Friday, October 13, 2017

Missouri Writer @WilliamReyland #amreading

Writer, William Reyland is joining me today.  William is the author of Sons of Isan, Taking Refuge in a Thai Temple.

He is a former Buddhist monk, and also a full time professional musician, and photographer. While living abroad he worked as a ACE and contributing writer for various publications, such as Gwangju News International Magazine, S. Korea, and EXPAT Magazine, Taiwan. His best work compels one to consider their humanness and the beauty of living a full and purposeful life.

So William, what have you written?

Sons of Isan, Taking Refuge in a Thai Temple, is my first book. It is a true story of my experience while living a rural Thai Buddhist temple. After raising my son as a single parent on a musician's income, I basically had two choices. I could continue onward with the status quo, which was actually quite fine, or I could clear the decks to roam freely into the unknown.

I choose the latter, trading my possessions, my comfort, and my western tinged and conditioned view of the world, for the robes of a monk, to live in a dusty Buddhist temple in Northeastern Thailand. Amid the warm and at times mysterious smiles of the Thai people, scary temple bathrooms and the equally mysterious rural Thai diet of two meals a day, which filled my alms bowl each morning, I eventually began to uncover certain truths, as well as the many falsehoods that had informed my life, and despite the stupefying heat, feral temple dogs, and one bout of dysentery, I found tremendous joy and some indication of my true self.

I'm tremendously interested in your book and your experience living as an American with Thai monks. In Minneapolis, we have a large Tibetan Buddhist community. I have had the privilege of working among these people and I'm sure they would be interested in your novel as well.

Many of my readers have commented that “Sons” is a brutally honest, humorous, and vivid account of a spiritual struggle and cultural immersion, and while this is certainly true to a great extent, the story continues to unfold, and even though my eyebrows have grown back and my robes have been replaced with blue jeans and Birkenstocks,  those days remain steadfast in my heart, and even if it is the only book I ever write, I am forever grateful for the opportunity to share it with others.  

Wow! Living as a monk must have been hard. Some of your experiences may be similar to those of Nikolai Grozni, a Boston Jazz prodigy who abandoned 15 years of music study to seek out the Dalia Lama's university in India and eventually learn many concepts of monkhood.

What are your thoughts on good/bad reviews?

Good question. As I strive to promote Sons Of Isan, I am sometimes filed with anxiety over not having enough reviews or ones that may or may not pull any actual weight with my audience. In either case, consider the source carefully. I am fortunate to have some favorable reviews from both professional editorial sources, as well from my readers. That said, I've had a few tankers as well. In the case of a negative review, I try and set aside my ego in favor of using that negative criticism as an opportunity to improve and grow as a writer.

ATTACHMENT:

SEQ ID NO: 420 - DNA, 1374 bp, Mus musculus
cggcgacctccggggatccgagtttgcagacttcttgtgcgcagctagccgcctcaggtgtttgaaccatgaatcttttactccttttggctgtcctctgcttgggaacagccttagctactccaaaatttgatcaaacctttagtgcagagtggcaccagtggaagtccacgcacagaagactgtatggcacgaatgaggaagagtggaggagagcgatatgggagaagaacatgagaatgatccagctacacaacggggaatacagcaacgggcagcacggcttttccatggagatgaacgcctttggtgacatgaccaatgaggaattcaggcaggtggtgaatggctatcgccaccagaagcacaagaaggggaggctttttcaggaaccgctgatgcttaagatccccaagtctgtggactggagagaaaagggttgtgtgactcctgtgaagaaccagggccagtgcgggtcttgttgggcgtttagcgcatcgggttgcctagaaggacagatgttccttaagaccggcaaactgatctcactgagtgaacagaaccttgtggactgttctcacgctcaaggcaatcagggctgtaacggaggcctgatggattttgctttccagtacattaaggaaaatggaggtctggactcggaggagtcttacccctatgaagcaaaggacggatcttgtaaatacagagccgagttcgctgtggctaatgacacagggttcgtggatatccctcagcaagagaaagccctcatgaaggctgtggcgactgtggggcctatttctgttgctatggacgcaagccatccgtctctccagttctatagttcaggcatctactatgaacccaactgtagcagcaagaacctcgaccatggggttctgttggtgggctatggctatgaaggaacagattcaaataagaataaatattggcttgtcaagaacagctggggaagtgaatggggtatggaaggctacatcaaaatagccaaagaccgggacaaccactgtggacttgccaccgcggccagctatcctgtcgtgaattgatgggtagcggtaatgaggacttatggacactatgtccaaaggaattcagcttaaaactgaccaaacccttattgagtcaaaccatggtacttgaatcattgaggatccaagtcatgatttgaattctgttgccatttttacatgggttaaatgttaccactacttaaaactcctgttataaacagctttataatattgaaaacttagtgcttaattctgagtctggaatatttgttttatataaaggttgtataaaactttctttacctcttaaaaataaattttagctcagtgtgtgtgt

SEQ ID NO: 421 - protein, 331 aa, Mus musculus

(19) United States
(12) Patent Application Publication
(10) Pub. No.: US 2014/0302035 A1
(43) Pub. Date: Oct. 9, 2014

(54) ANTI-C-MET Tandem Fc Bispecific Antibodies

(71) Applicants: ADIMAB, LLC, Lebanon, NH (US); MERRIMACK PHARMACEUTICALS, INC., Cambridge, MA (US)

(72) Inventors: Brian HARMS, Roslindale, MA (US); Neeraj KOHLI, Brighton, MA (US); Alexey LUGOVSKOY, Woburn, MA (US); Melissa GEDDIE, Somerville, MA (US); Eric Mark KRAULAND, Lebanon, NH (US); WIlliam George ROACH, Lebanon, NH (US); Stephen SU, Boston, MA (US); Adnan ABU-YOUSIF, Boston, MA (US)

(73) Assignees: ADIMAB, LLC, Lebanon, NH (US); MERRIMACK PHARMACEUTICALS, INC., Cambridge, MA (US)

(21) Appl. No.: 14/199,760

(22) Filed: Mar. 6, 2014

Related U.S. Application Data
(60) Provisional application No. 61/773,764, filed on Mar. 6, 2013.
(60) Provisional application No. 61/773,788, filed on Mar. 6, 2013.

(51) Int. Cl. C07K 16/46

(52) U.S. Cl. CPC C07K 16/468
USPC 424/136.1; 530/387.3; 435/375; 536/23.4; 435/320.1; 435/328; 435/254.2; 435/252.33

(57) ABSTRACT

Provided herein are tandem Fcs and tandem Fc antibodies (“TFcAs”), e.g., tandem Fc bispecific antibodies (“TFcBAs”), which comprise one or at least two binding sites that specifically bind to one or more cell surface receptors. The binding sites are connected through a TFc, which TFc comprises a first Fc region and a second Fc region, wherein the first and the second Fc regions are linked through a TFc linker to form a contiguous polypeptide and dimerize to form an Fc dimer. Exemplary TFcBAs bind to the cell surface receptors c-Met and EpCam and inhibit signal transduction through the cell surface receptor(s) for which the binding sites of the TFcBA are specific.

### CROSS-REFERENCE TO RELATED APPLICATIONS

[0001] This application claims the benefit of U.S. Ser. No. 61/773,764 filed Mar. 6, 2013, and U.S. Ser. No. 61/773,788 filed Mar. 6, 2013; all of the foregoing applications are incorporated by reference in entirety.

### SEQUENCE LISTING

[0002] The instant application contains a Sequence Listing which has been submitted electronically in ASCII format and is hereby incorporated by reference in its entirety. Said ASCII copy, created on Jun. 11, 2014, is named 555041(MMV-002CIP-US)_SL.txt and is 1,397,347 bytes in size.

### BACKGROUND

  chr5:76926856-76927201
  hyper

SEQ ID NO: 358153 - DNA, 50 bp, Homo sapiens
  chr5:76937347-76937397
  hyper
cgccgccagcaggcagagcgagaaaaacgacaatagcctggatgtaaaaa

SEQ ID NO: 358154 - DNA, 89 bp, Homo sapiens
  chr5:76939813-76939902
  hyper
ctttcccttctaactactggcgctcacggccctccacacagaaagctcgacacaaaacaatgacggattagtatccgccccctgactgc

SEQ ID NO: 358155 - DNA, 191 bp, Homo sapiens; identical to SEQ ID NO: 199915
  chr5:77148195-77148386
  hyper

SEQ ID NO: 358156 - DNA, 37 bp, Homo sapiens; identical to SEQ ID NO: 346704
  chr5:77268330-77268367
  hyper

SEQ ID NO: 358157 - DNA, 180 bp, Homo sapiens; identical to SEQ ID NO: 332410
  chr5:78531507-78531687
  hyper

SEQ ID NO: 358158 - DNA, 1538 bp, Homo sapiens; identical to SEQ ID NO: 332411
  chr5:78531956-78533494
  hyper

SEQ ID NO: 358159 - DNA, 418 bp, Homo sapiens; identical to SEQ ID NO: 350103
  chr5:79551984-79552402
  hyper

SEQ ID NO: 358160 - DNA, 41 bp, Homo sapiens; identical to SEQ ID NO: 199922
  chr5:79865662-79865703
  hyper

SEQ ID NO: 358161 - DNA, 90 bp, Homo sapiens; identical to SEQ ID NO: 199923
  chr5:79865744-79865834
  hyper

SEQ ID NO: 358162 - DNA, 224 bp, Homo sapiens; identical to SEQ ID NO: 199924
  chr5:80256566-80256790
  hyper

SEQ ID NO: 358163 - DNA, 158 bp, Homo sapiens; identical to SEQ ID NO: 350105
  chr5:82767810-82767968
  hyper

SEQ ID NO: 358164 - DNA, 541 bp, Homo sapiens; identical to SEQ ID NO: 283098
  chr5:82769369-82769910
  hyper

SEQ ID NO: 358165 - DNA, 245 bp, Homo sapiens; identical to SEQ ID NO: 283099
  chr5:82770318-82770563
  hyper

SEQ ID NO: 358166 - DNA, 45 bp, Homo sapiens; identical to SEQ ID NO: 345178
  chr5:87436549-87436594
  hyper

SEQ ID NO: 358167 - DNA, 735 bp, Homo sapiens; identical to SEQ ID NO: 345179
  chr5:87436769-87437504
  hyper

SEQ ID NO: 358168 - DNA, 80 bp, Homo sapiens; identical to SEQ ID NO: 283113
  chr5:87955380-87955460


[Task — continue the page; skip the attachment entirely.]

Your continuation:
Can you describe one of the best writing compliments you received?

I attempt to create a vivid and stirring experience for my readers that is both moving, and informative. When a reviewer or one of my readers experiences my writing in light of these factors, I consider it a major success.

Where do you see the future of social media and publishing in ten years?

This is a tough question and I think it depends in large part on technology. With the advent of self publishing and our ever changing social media habits, it is becoming increasingly difficult for writers to find traction, and exposure in a market saturated by millions of other competing titles. In terms of social media, where we must exist, the challenge to be seen and read is a daunting task. Based on these factors, I think it will continue to be very difficult to find success. The best solution, no matter the genre, is to only put forth your best work, and stay on top of marketing trends and techniques.

Any tips on what to do and what not to do when writing?

I've probably read a million pages of advice on, “How to write the perfect book.” I've narrowed it down to three main points that are fairly simple to follow.  

1.) Find your voice.
2.) Understand your readers.
3.) Draft, draft, draft.

What motivates you to write?

I'm motivated when a topic or storyline speaks to me on a personal level. The difficult and crucially important part is turning that into something that speaks to you.

More about William can be found at the links below.

That's all the time we have today folks.  Readers if you have any comments please list them below.

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